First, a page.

NATO’s Libya mission: “an historic success” or “catastrophic failure”?
NATO’s seven-month air and sea campaign that helped topple the Gaddafi regime formally came to an end at one minute to midnight Libyan time on the 31 October. It followed a unanimous vote at the UN Security Council to end the mandate to protect civilians there. Despite these expected formal announcements that NATO's mission is over, several alliance powers are likely to be involved in Libya for some time, under separate security assistance protocols that are currently being discussed. In addition, a small team of military advisers remains on the ground to aid the National Transitional Council (NTC). US and British experts are also trying to ensure that the glut of weapons in the country do not end up in the wrong hands.
Ivo H. Daalder US permanent representative to NATO and Adm. James G. Stavridis, supreme allied commander, Europe, wrote in an opinion piece that this mission closure marks “an historic victory for the people of Libya”. Other senior political and military figures within NATO and its member states have talked in similarly glowing terms about the mission. "It's great to be in free Libya," Anders Fogh Rasmussen, the NATO Secretary General, told a media conference in the capital Tripoli. "At midnight tonight a successful chapter in NATO history will come to an end. You have already started writing a new chapter in Libya's history," he said.
However, this is not a view universally shared. Critics say that NATO exceeded its mandate to protect Libyan civilians and became the rebel air force in a civil war. If the purpose of NATO intervention in Libya was to "protect civilians" and save lives, it has been a catastrophic failure, said one such critic, Seumas Milne. He suggests that while the death toll in Libya when NATO intervened was perhaps around 1,000-2,000 (judging by UN estimates), eight months later “it is probably more than ten times that figure. Estimates of the numbers of dead over the last eight months – as NATO leaders vetoed ceasefires and negotiations – range from 10,000 up to 50,000”. The NTC puts the losses at 30,000 dead and 50,000 wounded, including many non-combatants.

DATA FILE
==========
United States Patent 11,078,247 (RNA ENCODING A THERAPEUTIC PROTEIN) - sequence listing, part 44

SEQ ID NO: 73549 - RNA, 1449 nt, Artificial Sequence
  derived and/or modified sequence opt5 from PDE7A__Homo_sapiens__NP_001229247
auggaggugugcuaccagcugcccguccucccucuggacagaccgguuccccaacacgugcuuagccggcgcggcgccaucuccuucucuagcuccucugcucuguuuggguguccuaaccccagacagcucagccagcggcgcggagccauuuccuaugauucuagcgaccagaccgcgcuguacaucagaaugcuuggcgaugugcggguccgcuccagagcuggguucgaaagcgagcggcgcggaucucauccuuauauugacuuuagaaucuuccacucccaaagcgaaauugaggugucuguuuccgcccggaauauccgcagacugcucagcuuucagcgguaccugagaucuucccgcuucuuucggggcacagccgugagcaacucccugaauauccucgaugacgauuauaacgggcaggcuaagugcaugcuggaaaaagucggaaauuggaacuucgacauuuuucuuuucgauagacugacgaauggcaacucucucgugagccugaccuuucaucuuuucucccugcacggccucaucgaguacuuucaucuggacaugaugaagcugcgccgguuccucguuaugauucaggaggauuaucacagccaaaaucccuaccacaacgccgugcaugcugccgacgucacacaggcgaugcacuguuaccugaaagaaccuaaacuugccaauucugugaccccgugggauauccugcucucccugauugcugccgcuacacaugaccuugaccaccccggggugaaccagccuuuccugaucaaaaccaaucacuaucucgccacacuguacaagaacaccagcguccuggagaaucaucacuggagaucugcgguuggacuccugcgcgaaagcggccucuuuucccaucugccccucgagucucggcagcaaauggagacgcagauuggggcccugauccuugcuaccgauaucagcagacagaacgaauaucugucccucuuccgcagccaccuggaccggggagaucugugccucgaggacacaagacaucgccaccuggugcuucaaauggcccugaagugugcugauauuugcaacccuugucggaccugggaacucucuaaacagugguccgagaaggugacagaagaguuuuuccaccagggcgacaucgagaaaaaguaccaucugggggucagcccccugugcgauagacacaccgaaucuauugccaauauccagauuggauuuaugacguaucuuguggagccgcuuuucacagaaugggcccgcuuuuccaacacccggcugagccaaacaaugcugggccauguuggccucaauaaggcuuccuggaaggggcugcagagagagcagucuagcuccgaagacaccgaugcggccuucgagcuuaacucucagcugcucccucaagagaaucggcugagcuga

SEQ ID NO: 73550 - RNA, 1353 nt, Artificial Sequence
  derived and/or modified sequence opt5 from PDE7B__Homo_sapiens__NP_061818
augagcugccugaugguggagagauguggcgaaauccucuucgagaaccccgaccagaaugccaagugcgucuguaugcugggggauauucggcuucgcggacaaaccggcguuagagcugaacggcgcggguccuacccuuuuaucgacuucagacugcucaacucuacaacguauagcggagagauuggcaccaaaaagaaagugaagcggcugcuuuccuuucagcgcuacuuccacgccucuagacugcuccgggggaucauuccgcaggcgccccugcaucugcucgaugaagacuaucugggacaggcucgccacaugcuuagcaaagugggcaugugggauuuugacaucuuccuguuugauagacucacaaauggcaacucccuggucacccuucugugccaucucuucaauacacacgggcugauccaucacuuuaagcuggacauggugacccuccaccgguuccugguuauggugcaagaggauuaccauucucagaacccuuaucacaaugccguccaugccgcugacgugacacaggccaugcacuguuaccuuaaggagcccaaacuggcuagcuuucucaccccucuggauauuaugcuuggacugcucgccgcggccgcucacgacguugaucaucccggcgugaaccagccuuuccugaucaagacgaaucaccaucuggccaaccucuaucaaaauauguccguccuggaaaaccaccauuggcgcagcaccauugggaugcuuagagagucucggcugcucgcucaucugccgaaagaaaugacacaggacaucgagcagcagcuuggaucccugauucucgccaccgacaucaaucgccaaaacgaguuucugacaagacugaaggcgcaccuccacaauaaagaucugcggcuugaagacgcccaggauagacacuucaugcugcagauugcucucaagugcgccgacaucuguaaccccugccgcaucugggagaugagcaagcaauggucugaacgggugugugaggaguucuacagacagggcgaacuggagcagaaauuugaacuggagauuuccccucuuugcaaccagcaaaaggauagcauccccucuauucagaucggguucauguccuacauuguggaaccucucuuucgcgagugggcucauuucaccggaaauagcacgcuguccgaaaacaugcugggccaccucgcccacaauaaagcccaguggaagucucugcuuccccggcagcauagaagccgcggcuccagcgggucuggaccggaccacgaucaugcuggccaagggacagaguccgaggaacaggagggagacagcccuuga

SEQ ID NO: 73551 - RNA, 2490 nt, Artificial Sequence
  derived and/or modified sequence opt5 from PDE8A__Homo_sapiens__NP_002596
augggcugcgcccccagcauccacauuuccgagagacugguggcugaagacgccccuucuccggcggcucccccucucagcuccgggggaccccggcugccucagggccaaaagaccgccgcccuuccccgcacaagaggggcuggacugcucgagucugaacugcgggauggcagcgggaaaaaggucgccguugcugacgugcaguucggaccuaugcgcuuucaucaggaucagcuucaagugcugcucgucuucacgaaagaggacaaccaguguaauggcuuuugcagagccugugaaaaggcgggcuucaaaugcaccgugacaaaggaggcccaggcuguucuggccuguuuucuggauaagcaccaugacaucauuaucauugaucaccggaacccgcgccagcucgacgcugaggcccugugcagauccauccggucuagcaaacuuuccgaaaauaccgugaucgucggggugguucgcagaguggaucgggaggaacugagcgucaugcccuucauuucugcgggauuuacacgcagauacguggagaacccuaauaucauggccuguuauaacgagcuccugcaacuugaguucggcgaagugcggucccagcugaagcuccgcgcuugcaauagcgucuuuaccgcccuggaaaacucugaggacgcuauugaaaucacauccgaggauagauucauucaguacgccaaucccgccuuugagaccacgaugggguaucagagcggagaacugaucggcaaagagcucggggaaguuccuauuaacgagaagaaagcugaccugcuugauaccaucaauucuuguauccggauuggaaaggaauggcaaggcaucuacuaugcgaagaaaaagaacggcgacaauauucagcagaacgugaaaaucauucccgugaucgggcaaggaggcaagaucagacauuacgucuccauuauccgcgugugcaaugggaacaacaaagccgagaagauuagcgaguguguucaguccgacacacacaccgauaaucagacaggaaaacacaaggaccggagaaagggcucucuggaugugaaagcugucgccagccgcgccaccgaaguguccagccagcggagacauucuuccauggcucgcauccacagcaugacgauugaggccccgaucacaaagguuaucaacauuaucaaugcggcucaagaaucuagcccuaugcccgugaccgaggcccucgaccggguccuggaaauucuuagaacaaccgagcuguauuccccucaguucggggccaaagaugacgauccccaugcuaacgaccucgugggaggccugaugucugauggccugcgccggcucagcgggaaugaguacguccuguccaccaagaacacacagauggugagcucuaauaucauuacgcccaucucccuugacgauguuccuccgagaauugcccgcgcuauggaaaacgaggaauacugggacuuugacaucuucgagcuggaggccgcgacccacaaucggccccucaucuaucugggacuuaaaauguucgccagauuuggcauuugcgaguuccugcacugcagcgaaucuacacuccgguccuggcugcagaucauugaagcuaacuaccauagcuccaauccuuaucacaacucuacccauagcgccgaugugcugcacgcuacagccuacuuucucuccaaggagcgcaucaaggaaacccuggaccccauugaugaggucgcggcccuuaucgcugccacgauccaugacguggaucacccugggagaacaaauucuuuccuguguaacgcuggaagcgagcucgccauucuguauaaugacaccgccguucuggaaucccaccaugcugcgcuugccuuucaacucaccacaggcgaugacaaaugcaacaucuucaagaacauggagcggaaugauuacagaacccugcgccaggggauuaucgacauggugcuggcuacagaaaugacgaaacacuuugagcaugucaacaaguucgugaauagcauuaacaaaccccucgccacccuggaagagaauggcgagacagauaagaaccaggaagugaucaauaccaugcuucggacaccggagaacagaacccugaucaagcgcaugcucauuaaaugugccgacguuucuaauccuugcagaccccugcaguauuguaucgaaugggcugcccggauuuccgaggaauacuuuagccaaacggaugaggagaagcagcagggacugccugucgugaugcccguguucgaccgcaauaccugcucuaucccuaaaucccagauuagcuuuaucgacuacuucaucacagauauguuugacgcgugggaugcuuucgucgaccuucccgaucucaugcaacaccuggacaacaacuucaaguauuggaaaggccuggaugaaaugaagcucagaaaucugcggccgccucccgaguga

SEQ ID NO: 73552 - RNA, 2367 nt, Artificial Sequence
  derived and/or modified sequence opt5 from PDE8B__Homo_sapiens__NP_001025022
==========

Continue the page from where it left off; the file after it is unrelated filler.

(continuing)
Of course critics of this specific intervention, and ‘responsibility to protect’ (R2P) more generally, also need to acknowledge that non-intervention also has consequences—as it did in Rwanda and Darfur, and as it might have done in Benghazi and elsewhere in Libya. Likewise, those blowing the trumpet for the Libyan campaign as a new model for intervention, also need to look more closely at some of its more unsavoury aspects, especially towards the close. For example, NATO dropped thousands of leaflets written in Arabic while it was bombing Sirte asking the Gaddafi forces to surrender. The only people they could surrender to were the rebels shelling the surrounded city. And some who surrendered were later killed by the rebels during reprisals. Why did NATO ask people to surrender when they could not guarantee their safety?
So, overall, was the NATO mission an historic success or catastrophic failure? The truth probably lies somewhere in-between—although more towards the ‘success’ end of the spectrum should the people of Libya go on to create a working democracy. But before making sweeping judgements on the Libya mission, we really need to know more of the facts.
Daalder and Stavridis also acknowledge this when they say that “Every operation offers lessons to be learned”. And this one is no exception. That is why NATO Watch is calling on the NATO Secretary General to establish an independent inquiry to evaluate Operation Unified Protector in its entirety. Since 31 March, when NATO assumed control of the operation, alliance warplanes have flown more than 26,000 sorties over the North African nation, including 9,600 strike missions against largely military but also ‘dual-use’ targets, such as command and control networks. NATO also enforced an embargo on arms shipments to Gaddafi forces and secured a "no-fly" zone in Libyan airspace.
NATO‘s midwifery of Libya‘s liberation from dictatorship raised many complex issues before and during the intervention. Before formally closing the operation, NATO needs to identify and articulate the hard lessons of the intervention with candour and objectivity.